The Philadelphia painter Charles Burwell also cites Brandywine's early impact. "It was very influential in the Philadelphia art community by bringing major artists of color to the city," said Burwell. "In 1976, I had the unique opportunity to prepare color separations for a serigraph by Romare Bearden. It was my first introduction to working in a print shop. Working with Brandywine was a culmination of many experiences over the years. Actually, it was more than Brandywine - it was Allan Edmunds helping me."
At the time, Philadelphia was experiencing a cultural revolution, with many young players inhabiting the scene, putting the city on the map of experimentation and community involvement in arts. Brandywine's original Fairmount location was a hot area for artists, including the preeminent dance instructor Faye Snow's studio and an African American theater company led by Germane Wilson, known for his work with Freedom Theatre, Ile Ife, Venture Theater, and the Village of the Arts and Humanities.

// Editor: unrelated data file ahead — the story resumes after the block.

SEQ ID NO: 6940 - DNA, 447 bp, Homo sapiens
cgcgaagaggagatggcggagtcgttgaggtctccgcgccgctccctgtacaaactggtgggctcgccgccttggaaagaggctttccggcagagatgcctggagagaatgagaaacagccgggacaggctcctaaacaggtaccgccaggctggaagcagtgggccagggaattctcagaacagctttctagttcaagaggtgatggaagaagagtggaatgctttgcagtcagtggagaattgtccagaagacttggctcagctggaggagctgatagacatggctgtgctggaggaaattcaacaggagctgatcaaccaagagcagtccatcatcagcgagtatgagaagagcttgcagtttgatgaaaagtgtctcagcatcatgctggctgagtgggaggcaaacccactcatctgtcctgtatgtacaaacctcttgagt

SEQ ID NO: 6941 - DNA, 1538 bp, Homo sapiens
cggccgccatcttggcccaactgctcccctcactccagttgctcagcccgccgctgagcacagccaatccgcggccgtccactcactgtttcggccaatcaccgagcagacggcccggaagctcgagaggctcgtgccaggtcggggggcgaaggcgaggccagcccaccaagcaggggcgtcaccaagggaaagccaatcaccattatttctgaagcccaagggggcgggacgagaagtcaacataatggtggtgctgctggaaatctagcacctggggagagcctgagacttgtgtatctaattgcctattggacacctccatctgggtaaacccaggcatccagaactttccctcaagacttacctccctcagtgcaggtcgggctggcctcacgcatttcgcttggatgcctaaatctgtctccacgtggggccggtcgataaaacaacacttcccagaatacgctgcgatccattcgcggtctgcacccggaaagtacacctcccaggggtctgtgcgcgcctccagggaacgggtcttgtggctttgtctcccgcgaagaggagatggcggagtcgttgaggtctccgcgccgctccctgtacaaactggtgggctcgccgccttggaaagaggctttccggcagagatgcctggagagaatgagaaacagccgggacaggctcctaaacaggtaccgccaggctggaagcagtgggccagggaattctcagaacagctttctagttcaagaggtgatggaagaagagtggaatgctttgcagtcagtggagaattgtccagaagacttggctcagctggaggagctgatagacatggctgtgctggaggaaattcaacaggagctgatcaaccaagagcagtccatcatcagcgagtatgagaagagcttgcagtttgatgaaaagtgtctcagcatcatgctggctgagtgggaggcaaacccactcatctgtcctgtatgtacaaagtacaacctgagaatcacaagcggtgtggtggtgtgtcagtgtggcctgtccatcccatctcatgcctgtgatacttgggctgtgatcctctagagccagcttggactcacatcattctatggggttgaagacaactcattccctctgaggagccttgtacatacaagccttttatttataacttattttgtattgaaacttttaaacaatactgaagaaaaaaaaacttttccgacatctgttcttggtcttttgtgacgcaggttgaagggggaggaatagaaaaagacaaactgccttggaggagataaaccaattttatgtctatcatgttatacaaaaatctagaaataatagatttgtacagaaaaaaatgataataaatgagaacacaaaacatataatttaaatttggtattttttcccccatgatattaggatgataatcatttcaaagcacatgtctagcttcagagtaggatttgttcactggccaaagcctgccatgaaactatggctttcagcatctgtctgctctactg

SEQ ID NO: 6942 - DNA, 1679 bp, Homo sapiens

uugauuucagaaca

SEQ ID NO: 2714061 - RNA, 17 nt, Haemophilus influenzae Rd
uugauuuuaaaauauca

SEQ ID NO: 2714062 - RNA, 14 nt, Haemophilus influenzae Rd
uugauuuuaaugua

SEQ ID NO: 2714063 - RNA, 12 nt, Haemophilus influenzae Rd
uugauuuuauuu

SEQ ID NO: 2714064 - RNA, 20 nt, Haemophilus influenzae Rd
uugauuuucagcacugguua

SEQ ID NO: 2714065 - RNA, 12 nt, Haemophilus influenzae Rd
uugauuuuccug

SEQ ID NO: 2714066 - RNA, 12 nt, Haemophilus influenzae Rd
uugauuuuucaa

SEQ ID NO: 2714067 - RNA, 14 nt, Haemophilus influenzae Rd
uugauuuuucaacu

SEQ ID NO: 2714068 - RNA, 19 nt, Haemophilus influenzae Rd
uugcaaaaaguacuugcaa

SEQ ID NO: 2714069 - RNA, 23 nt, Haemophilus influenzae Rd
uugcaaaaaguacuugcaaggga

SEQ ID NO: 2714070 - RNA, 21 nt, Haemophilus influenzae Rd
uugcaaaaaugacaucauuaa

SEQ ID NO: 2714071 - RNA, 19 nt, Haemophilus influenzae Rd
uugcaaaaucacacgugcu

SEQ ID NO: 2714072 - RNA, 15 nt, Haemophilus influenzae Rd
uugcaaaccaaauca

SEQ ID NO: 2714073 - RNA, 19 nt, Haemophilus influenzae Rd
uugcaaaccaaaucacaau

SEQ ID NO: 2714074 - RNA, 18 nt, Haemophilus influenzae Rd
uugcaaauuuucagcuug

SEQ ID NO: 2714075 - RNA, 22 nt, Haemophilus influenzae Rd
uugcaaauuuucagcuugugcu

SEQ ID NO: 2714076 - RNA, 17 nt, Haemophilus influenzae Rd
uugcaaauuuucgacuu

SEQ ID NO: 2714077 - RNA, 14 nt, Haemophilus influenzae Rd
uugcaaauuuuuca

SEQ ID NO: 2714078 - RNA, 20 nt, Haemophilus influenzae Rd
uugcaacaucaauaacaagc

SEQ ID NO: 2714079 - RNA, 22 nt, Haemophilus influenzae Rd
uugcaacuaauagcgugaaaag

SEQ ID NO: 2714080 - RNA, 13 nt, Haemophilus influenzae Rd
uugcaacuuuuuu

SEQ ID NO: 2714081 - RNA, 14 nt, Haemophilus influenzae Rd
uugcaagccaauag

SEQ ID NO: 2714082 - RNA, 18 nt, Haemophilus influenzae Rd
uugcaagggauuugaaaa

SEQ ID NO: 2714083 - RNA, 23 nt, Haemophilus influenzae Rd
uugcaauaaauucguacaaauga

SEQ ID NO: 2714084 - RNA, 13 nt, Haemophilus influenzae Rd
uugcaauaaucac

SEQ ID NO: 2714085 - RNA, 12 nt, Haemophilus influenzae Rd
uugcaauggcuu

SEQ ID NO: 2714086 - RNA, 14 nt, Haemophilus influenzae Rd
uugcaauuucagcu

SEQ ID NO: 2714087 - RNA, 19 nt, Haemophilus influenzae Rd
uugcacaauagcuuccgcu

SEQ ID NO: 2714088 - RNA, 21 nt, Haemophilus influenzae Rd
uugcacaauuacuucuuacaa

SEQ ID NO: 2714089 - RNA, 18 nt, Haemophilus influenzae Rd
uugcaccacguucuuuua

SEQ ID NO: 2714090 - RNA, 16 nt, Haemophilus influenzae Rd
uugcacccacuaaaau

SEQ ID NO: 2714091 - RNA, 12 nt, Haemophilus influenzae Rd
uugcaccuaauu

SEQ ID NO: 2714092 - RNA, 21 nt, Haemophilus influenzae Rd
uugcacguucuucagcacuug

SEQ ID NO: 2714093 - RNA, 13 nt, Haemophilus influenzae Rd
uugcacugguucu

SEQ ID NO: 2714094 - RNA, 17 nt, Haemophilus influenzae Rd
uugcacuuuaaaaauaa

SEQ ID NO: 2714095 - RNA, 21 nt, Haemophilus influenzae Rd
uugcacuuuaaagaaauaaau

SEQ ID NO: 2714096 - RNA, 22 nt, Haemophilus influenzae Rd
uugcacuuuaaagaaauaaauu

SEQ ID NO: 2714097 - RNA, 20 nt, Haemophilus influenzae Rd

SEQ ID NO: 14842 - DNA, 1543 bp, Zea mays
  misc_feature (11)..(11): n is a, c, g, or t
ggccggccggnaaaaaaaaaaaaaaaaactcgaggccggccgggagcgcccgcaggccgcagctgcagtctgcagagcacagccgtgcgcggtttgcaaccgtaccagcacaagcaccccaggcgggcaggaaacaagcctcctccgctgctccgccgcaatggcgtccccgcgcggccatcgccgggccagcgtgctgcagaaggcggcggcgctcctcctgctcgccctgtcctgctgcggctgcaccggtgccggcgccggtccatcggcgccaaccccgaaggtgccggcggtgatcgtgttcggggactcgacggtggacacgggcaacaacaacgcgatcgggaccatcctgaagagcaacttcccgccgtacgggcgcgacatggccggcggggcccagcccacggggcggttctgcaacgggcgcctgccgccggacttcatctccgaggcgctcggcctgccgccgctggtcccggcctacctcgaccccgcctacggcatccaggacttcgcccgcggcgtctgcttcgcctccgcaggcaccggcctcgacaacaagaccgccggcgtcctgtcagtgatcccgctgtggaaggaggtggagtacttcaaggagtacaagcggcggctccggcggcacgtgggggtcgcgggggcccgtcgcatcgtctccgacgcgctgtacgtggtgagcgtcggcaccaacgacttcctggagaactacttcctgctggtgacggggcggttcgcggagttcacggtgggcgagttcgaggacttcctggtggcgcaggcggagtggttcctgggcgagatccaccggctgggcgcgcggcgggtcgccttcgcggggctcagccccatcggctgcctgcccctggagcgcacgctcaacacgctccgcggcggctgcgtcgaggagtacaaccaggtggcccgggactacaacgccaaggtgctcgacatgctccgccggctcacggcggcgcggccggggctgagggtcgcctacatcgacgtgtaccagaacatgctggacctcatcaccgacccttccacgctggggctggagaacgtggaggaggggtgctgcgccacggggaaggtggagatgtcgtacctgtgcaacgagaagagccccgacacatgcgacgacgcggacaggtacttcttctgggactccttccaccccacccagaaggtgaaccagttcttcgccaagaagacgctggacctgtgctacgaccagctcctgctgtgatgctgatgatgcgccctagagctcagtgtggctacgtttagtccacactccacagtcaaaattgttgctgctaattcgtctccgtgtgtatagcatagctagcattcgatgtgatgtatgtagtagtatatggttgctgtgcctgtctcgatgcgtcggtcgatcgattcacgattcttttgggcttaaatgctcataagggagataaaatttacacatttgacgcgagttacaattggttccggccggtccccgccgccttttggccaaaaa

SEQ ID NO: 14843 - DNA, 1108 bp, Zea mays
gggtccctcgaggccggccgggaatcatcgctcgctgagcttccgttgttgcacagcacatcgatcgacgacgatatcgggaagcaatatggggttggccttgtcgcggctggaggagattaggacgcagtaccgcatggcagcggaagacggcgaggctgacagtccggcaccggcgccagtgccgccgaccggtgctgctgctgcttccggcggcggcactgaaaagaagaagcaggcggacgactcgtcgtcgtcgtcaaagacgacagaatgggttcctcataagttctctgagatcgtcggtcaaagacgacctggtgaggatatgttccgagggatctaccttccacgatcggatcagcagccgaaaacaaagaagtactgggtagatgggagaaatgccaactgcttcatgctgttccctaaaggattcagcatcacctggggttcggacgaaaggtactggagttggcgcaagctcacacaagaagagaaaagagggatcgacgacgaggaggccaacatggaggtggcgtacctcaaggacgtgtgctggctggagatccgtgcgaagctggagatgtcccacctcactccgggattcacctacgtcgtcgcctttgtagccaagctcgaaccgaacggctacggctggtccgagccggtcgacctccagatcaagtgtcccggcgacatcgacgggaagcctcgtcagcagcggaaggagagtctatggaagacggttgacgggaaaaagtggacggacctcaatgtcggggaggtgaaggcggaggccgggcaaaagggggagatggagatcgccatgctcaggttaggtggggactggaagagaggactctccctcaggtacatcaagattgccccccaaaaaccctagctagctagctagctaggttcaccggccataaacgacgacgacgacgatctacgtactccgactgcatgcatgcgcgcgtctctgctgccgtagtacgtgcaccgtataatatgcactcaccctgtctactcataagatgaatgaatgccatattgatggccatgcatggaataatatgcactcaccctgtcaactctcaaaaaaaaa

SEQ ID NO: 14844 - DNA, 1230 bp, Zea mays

Brandywine's primarily African American board of directors, many of whom were art educators - with associations to institutions such as the Corcoran Gallery of Art, Tyler School of Art, the Print Center, the Art Museum, and the Artists Equity Association - helped identify connections to key individuals integral to the Brandywine story, such as John Dowell. The Philadelphia-based master printmaker worked very closely with Edmunds in the early years, exploring the full range of offset-printing techniques.
The internationally renowned painter Sam Gilliam was one of the first artists to make a limited-edition print at the workshop. Gilliam would return over the years to make prints at Brandywine.